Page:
Three years ago a motivated and intelligent, classically trained composer and internationally recognized sound artist, Spencer Topel, approached me as Proctor’s art curator. The focal point of the conversation was the atrium of the Fowler Learning Center on Proctor Academy’s campus. Spencer’s intention was to design a site-specific, solar-powered, sound art installation to amplify the resonance and vibrational frequencies of that incredible architectural space.
Now based in New York, Topel taught sound art at Dartmouth College for 10 years, and at the time of the visit he had recently received grant funding to allow this project to be fully actualized. Attracted by the acoustics of the 40-foot atrium with its two-story windows and simplicity of the elegant Shaker style, the space presented an incredible opportunity for his artistic vision.
The scientific and artistic intersection of Spencer’s approach is compelling on an artistic as well as educational level. Proctor emphasizes intersections between disciplines: math in metal fabrication or boatbuilding, studio art in anatomy. This project presents an interdisciplinary experience not only in the classroom but in our surroundings. Students, faculty, and staff experience this unique work of art that connects us to our environment and continues to unfold before us with each chime.
Today, after several prototype modifications, materials tests, design simplifications, and various engineering solutions, Time Lines, with 21 solar-powered sun chimes, is a welcome and refreshing addition to the campus. Presenting the community with new and unpredictable behavior each day, it beckons us to pause and listen. When will they move? How do they move?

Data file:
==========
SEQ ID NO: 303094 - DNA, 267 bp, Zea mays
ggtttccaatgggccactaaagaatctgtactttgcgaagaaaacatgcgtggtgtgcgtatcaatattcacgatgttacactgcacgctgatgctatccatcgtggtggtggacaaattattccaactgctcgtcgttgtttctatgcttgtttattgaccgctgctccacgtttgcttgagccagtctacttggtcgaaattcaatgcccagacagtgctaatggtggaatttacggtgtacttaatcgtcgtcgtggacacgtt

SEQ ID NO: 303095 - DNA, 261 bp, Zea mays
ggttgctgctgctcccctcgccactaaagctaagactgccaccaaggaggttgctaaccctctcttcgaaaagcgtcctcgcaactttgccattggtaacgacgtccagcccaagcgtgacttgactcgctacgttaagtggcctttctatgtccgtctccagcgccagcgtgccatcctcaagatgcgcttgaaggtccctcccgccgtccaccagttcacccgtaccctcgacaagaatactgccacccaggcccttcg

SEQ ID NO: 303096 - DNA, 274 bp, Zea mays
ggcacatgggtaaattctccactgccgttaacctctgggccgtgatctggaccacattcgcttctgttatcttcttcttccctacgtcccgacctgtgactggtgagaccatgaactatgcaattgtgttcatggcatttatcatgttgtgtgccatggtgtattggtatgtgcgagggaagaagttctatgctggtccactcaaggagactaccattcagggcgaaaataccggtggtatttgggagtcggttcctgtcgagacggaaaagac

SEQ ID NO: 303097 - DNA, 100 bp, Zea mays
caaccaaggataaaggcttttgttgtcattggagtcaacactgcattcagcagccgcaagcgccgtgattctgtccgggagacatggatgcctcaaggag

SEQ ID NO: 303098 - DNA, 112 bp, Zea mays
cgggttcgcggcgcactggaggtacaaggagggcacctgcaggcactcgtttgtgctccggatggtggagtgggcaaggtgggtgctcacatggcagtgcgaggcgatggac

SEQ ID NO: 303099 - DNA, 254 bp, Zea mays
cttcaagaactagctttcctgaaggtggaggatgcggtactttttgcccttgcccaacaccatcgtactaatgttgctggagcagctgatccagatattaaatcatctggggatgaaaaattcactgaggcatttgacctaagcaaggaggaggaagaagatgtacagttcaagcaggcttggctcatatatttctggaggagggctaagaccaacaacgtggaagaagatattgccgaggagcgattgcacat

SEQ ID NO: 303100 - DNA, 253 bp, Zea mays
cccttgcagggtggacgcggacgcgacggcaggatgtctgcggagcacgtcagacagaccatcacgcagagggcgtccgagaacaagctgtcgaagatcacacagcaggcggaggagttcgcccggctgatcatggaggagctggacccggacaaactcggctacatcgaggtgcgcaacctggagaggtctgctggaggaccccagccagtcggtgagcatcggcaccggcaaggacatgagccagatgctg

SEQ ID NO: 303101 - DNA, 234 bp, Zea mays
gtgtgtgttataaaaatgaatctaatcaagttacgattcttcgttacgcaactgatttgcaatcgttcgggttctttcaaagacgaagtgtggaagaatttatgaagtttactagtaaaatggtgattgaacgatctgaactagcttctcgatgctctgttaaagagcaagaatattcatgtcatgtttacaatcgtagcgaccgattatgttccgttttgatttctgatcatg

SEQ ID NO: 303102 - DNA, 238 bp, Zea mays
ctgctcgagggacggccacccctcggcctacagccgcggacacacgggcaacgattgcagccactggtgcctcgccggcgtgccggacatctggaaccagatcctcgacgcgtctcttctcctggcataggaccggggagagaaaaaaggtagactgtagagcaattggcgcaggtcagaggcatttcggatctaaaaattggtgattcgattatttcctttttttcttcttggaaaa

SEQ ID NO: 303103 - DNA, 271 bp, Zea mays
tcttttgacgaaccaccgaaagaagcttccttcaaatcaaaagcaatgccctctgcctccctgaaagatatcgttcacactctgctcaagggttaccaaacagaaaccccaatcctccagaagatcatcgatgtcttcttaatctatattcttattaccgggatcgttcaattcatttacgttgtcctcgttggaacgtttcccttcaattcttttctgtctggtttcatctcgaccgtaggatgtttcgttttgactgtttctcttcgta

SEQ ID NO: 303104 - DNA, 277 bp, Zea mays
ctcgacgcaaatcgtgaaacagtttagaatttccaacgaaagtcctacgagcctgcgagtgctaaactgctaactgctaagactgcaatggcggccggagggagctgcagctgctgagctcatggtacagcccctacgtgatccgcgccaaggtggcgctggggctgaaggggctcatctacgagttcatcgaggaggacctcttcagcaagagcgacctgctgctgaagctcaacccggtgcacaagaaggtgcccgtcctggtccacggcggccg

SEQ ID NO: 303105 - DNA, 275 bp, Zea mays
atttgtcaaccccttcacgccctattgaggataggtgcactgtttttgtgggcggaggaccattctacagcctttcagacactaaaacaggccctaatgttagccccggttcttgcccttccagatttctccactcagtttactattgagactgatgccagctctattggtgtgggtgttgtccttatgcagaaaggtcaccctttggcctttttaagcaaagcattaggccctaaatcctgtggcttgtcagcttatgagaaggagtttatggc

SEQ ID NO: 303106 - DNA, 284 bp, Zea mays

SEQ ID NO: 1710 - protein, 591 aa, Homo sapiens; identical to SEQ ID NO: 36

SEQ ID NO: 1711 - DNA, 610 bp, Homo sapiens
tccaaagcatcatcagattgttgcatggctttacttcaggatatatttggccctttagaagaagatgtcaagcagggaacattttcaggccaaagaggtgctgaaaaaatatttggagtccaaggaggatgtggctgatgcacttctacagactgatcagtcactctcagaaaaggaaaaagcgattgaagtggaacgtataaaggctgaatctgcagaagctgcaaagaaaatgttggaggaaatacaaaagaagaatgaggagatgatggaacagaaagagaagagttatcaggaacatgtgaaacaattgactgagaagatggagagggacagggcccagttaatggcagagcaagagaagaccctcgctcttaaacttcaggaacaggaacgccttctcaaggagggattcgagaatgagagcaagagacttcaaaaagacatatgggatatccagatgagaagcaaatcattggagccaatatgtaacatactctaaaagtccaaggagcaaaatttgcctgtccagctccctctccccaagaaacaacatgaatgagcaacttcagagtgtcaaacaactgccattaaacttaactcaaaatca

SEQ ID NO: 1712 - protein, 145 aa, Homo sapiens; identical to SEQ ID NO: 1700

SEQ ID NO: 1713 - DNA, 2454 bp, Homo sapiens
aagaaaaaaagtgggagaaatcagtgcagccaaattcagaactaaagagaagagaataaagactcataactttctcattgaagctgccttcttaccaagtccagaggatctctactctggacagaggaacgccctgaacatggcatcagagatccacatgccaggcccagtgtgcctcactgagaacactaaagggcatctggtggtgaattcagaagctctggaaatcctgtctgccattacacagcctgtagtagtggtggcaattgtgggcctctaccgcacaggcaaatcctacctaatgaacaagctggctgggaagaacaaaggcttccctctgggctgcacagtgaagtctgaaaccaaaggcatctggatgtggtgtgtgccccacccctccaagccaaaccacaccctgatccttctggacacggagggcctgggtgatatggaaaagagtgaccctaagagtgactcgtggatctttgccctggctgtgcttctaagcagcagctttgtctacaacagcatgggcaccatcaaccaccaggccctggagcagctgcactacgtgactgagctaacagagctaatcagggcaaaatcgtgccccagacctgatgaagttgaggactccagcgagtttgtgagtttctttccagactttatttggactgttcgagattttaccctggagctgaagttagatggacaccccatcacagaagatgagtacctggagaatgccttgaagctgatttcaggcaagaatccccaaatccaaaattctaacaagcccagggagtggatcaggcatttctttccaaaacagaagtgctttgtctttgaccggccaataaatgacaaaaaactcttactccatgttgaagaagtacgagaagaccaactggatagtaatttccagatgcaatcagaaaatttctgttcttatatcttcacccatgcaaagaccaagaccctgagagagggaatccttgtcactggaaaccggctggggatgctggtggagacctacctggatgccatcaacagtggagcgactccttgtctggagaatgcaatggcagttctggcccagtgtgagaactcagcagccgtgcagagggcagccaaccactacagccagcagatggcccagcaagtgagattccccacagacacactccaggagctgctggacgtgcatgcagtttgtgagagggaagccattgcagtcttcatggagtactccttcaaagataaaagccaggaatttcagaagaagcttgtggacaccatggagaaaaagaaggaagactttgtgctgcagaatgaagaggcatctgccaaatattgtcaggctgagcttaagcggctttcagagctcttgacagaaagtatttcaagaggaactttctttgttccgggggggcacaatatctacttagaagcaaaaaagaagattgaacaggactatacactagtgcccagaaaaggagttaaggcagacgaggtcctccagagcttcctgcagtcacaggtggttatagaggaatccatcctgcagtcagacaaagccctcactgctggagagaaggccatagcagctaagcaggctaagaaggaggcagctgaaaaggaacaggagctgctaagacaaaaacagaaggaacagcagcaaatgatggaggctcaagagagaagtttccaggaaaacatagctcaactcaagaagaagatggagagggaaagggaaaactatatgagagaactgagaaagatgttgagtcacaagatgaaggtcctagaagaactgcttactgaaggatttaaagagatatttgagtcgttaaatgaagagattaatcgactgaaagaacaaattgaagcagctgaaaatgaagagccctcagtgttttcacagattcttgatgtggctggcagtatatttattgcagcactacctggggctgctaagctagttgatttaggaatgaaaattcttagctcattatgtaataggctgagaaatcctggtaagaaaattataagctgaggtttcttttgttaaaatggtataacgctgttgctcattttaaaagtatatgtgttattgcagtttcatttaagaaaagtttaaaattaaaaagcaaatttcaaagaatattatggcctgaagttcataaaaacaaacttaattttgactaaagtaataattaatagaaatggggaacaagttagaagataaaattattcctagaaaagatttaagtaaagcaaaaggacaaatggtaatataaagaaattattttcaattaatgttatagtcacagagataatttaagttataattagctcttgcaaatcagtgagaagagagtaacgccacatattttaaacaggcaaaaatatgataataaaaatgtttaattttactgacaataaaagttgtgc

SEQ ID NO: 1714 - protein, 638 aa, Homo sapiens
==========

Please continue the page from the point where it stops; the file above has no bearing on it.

More About Spencer Topel
Spencer Topel is an American artist combining sound, installation, and performance. His practice is often characterized as an exploration between sculpture and musical instruments, expressed in a variety of works ranging from site-specific installations to performance art pieces. At the heart of this inquiry is the notion that objects have their own unique voice, and the task of the artist is to reveal and amplify this quality.
Educated in music composition at The Juilliard School and Cornell University, Topel later joined the faculty at Dartmouth College as a professor of music. There he collaborated with sculptor Soo Sunny Park on several projects including Capturing Resonance for the DeCordova Museum and Sculpture Park.
Spencer’s current and past projects with international arts and performing arts institutions include: Museum of Modern Art, New York; The Los Angeles Philharmonic; The Barnes Foundation, Pennsylvania; The Juilliard School; Lincoln Center for the Performing Arts; Drawing Center New York, The Estonian Music Days, Tallin; The Arts Club of Chicago; DeCordova Museum and Sculpture Park Boston, LiteraturHaus, CPH; The Huddersfield Festival, UK; the Arts and Ideas Festival, New Haven; Proctor Academy; and the Caramoor Festival, New York.
His work has been performed by celebrated ensembles that include the Minnesota Orchestra, the Aspen Contemporary Ensemble, the Oregon Symphony, the Juilliard Symphony, Ensemble Third Sound, and the Flux Quartet. Notable collaborations continue with cellist Seth Parker Woods and violinist Pauline Kim Harris.
Collaboration is a central part of Topel’s practice, which led to the formation of two companies: Studio Topel and Physical Synthesis in 2019. Most recently, Spencer was Artist-in-Residence at The Yale Quantum Institute, where he and his collaborators developed the first-ever musical synthesizer using transmon qubits, the building blocks of quantum computers.
For more information, visit SpencerTopel.com.